HMS Argonaut (1898)

From Wikipedia, the free encyclopedia
Jump to: navigation, search
For other ships with the same name, see HMS Argonaut.
HMS Argonaut.jpg
HMS Argonaut
United Kingdom
Name: HMS Argonaut
Builder: Fairfield Shipbuilding and Engineering Company, Govan
Laid down: 23 November 1896
Launched: 24 January 1898
Christened: Hersey Hope, Countess of Hopetoun
Fate: Sold for breaking up 18 May 1920
General characteristics
Class and type: Diadem-class cruiser
Displacement: 11,000 tons
Length: 435 ft (133 m) (462 ft 6 in (140.97 m) o/a)
Beam: 69 ft (21 m)
Draught: 25 ft 6 in (7.77 m)
Speed: 20–20.5 kn (37.0–38.0 km/h; 23.0–23.6 mph)
Complement: 760
  • 6 inch casemates
  • 4.5-2 inch decks

HMS Argonaut was a ship of the Diadem-class of protected cruiser in the British Royal Navy. She was laid down in 1898, and commissioned for service on the China station in 1900. From 1906 she served in the Home Fleet, and during the First World War she served in the Atlantic. She was converted to hospital ship in 1915, and sold for breaking up in 1920.


Argonaut was built by Fairfield Shipbuilding and Engineering Company, Govan, where she was laid down on 23 November 1896. She was launched on 24 January 1898, when she was christened by the Countess of Hopetoun.[1]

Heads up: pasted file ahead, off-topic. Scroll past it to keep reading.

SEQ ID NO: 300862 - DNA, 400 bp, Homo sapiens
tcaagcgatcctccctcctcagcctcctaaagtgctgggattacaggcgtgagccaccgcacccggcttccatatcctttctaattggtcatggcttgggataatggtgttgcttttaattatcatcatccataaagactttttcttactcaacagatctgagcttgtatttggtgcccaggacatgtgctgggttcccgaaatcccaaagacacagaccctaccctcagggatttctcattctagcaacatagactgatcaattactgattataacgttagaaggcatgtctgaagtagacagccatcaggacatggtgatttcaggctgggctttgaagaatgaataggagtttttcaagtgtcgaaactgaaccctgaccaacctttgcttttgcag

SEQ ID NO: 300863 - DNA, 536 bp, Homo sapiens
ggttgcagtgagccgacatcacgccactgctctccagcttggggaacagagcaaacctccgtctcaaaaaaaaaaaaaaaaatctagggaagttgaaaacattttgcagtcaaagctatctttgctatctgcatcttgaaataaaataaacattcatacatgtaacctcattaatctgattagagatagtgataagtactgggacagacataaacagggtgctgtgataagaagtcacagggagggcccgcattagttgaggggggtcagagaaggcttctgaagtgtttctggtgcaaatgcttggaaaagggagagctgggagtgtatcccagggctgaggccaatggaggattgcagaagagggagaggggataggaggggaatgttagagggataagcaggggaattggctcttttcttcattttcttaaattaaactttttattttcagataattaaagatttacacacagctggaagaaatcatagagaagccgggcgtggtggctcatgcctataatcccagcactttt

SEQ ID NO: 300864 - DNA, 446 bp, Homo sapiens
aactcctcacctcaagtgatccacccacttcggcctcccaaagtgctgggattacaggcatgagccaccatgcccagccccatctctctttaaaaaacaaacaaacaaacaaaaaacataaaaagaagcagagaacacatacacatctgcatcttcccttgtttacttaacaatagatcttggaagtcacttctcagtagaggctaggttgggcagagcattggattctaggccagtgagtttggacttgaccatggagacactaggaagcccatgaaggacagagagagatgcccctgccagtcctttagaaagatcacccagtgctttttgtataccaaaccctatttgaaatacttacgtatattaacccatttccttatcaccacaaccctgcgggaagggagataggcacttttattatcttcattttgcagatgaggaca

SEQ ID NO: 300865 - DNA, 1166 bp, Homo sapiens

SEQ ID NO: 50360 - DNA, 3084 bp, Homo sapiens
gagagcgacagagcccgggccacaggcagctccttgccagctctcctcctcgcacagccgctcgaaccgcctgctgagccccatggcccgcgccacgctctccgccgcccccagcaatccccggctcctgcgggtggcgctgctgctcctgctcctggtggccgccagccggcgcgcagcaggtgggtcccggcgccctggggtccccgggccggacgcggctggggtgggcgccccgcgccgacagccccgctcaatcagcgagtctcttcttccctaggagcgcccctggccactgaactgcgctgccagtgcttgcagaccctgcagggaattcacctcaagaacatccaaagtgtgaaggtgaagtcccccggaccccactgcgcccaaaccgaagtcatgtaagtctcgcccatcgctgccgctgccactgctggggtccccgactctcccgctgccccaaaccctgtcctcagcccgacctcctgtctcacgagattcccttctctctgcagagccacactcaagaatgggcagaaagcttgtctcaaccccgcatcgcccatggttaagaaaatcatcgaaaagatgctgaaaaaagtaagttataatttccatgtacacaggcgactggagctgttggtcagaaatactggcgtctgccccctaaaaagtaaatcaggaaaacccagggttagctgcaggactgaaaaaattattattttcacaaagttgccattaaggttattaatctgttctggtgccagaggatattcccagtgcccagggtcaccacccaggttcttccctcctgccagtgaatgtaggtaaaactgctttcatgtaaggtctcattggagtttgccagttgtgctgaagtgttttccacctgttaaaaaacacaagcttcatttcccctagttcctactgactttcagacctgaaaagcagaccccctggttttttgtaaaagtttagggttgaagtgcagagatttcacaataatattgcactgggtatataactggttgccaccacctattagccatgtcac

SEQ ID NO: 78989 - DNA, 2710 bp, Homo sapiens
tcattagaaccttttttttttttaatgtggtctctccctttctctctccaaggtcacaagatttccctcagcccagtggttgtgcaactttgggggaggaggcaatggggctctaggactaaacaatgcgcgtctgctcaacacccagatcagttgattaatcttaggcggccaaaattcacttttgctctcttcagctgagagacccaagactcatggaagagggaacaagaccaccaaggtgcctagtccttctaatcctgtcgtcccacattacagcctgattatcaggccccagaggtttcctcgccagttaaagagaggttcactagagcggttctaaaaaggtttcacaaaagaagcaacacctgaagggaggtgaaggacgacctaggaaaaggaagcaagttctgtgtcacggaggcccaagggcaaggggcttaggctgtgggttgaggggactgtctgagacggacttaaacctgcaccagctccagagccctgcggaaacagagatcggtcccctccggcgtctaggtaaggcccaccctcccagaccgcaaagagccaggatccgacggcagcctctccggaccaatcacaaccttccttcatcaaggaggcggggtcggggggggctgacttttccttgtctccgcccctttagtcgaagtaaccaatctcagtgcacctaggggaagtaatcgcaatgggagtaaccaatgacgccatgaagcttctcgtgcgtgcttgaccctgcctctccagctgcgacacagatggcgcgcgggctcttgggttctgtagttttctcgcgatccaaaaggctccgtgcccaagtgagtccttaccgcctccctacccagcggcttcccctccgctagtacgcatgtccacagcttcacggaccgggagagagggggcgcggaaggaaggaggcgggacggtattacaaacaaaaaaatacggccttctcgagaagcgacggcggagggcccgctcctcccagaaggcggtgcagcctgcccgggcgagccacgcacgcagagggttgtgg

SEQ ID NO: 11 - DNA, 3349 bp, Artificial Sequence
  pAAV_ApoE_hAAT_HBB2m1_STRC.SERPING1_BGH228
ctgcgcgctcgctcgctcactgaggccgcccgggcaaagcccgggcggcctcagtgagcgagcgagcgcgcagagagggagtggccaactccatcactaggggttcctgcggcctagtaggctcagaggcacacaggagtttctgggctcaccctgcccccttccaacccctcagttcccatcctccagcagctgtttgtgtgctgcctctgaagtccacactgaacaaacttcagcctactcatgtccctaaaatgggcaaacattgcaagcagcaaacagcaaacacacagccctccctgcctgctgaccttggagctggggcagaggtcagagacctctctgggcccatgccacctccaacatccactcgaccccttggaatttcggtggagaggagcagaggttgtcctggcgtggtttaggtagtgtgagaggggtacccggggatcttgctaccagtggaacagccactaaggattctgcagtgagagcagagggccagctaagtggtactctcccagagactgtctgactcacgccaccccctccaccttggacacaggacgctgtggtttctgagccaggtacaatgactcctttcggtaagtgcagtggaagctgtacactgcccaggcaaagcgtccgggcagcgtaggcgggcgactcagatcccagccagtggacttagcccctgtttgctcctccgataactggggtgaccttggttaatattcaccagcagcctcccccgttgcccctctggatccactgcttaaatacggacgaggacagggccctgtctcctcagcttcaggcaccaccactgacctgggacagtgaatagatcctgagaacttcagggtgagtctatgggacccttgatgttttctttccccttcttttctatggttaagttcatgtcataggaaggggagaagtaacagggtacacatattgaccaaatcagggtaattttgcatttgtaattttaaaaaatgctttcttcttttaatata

Service history[edit]

She was commissioned at Chatham, Kent in 1900 for service on the China Station from 1900-1904. During this time, the Commanding Officer, Captain George H Cherry RN, issued some 600 punishment warrants, gaining a reputation as a stern disciplinarian. As a consequence, the ship's officers ordered medals to be struck by Gamages of London as reward and mementos of their service under such a captain: on the obverse it read "Argonaut China 1900-1904" and showed a foul anchor (for the Royal Navy), a fleece (for Argonaut) and a dragon (for China); on the reverse are a cherry tree and a representation of the officers who survived the commission. An honorary "Cherry Medal" was presented to King George VI; many others were lost with ships sunk in the First World War.

From June to September 1906, Argonaut was refitted for special service and in October, joined the Home Fleet. She was paid off in February 1911 and recommissioned February 1912, joining the 3rd Fleet. The cruiser was paid off again in April 1914.[2]

During the First World War Argonaut was part of the 9th Cruiser Squadron, operating in the Atlantic. The squadron was stationed off Cape Finisterre from August 1914 to July 1915. While a part of this unit, Argonaut captured the German merchant ship Graecia. In 1915 she was converted to a hospital ship at Portsmouth and in 1918, to an accommodation ship.[2] She was sold to Ward of Milford Haven on 18 May 1920 and arrived there for breaking up on 4 September 1921.


  1. ^ "Naval & Military intelligence". The Times (35561). London. 6 July 1898. p. 8. 
  2. ^ a b Gardiner and Gray, p.11


External links[edit]